Many attendees at the event expressed that they had not thought about the network requirements for virtual reality technology or the role of federal regulators in developing new products in the virtual reality sphere. You can watch the full discussion, along with some clips of attendees trying out the virtual reality experience for themselves, below.

 

 

Throwback Thursday

By IIA

Originally published by The Hill:

Consumer internet privacy: Leaving the back door unlocked

By Rick Boucher

The Federal Communications Commission’s (FCC) asymmetric approach to internet privacy is likely to create a false sense of security among web users. Despite stringent FCC privacy regulation of internet service providers (ISPs), consumers’ information will enjoy little protection when they are interacting on social media sites, shopping online or surfing the web.

The recent Senate hearing on Internet privacy that featured FCC Chairman Tom Wheeler and Commissioner Ajit Pai, along with Federal Trade Commission (FTC) Chairwoman Edith Ramirez and Commissioner Maureen Ohlhausen, underscored that the FCC’s approach to internet privacy — singling out ISPs while leaving the privacy practices of edge providers essentially unregulated — is unbalanced.

By analogy, compare internet privacy to protecting a house. Wheeler’s proposal only locks the front door to guard against ISP privacy violations, while keeping the back door wide open for edge providers, such as social media and e-commerce companies.

And that’s happening as the internet ecosystem shifts radically toward the ability of edge providers to make the greater use of consumer information. A recently released study demonstrates that the expanded use of end-to-end encryption renders ISPs incapable of accessing most data that moves across their networks. Meanwhile, edge providers have complete access to information about their users, and they have sophisticated processes for monetizing it.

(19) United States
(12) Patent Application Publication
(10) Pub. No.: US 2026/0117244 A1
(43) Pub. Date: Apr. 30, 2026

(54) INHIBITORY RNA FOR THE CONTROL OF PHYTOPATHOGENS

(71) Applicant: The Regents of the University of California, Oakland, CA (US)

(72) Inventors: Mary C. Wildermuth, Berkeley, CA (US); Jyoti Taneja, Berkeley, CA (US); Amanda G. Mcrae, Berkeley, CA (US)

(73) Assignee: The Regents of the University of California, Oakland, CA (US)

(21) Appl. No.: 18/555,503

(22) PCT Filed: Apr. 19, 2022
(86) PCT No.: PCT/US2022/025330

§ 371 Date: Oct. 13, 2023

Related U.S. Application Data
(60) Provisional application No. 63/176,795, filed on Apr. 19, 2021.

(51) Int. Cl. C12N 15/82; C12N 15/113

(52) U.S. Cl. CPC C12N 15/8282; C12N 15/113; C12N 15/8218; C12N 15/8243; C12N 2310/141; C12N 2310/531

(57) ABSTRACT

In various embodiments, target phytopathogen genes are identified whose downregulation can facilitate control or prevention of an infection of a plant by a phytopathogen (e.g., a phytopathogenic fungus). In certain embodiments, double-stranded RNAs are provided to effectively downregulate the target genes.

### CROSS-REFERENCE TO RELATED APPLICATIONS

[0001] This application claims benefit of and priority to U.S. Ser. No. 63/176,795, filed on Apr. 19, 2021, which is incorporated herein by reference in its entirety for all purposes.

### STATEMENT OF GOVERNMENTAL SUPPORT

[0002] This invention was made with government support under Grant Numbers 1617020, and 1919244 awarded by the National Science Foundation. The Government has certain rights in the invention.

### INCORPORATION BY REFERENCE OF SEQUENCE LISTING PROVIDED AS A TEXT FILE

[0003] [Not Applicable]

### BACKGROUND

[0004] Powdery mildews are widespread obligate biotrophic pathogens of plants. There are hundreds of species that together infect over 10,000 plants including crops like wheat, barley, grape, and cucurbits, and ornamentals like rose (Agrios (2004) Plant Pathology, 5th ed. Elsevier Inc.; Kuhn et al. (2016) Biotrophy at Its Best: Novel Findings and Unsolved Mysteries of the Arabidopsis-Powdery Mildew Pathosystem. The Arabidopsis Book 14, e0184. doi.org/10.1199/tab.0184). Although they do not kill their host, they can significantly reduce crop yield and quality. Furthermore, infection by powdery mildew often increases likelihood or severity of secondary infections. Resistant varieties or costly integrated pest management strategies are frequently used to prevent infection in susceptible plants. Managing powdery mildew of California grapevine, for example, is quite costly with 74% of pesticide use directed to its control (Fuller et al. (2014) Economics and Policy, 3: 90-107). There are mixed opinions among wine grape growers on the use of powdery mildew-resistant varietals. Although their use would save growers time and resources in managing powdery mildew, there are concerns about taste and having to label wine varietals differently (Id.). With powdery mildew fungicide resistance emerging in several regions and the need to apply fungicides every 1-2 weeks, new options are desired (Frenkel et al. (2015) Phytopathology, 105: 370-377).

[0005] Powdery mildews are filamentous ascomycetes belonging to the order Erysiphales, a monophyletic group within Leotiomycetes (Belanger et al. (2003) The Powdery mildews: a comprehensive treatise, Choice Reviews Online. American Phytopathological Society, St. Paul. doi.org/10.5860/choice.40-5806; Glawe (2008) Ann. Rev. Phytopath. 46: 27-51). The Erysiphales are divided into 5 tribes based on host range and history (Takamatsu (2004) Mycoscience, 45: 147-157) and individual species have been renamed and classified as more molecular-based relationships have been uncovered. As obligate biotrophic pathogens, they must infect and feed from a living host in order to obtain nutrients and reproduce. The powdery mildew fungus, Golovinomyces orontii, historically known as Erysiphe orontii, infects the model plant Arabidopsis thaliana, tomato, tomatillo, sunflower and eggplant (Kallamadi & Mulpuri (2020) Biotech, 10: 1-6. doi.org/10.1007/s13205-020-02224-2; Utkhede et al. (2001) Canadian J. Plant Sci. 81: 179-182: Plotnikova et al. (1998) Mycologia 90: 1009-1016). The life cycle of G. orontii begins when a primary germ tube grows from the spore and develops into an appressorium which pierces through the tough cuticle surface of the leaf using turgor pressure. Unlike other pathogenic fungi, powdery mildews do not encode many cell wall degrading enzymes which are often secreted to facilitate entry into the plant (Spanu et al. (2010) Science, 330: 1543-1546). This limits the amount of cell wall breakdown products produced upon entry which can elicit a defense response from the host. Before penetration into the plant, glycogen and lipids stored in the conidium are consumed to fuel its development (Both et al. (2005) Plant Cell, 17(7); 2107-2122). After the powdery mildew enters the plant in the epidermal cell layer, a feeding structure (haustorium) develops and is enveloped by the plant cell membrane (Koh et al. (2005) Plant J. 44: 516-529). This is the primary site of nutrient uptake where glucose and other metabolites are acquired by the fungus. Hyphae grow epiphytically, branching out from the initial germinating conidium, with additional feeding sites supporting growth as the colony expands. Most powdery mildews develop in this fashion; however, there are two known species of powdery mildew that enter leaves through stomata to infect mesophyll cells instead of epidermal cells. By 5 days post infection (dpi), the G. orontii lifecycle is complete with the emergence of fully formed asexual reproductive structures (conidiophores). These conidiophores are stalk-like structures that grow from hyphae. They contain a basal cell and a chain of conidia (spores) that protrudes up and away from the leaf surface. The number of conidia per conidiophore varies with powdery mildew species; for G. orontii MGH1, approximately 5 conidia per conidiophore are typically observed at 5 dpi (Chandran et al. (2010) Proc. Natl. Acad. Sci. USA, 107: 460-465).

Sen. Al Franken (D-Minn.) suggested a viable alternative that would be better for consumers: keeping both doors locked and assuring uniform privacy protections by both ISPs and edge providers. According to Franken, “Should they [consumers] choose to leave information with companies, they need to know this information is safeguarded to the greatest degree possible. Telecommunications providers and edge providers like Google need to ensure their customers have more information [on] the data being collected from them and if it is sold to third parties.”

The FCC claims it lacks authority over edge providers. The FTC regulates privacy through its “unfair trade practice” authority, under which enforcement only occurs when companies fail to deliver the privacy protections they promise. Neither agency can require edge providers to extend the privacy protections that Franken envisions. His goal could only be achieved if Congress conveys broader regulatory authority on one agency or the other.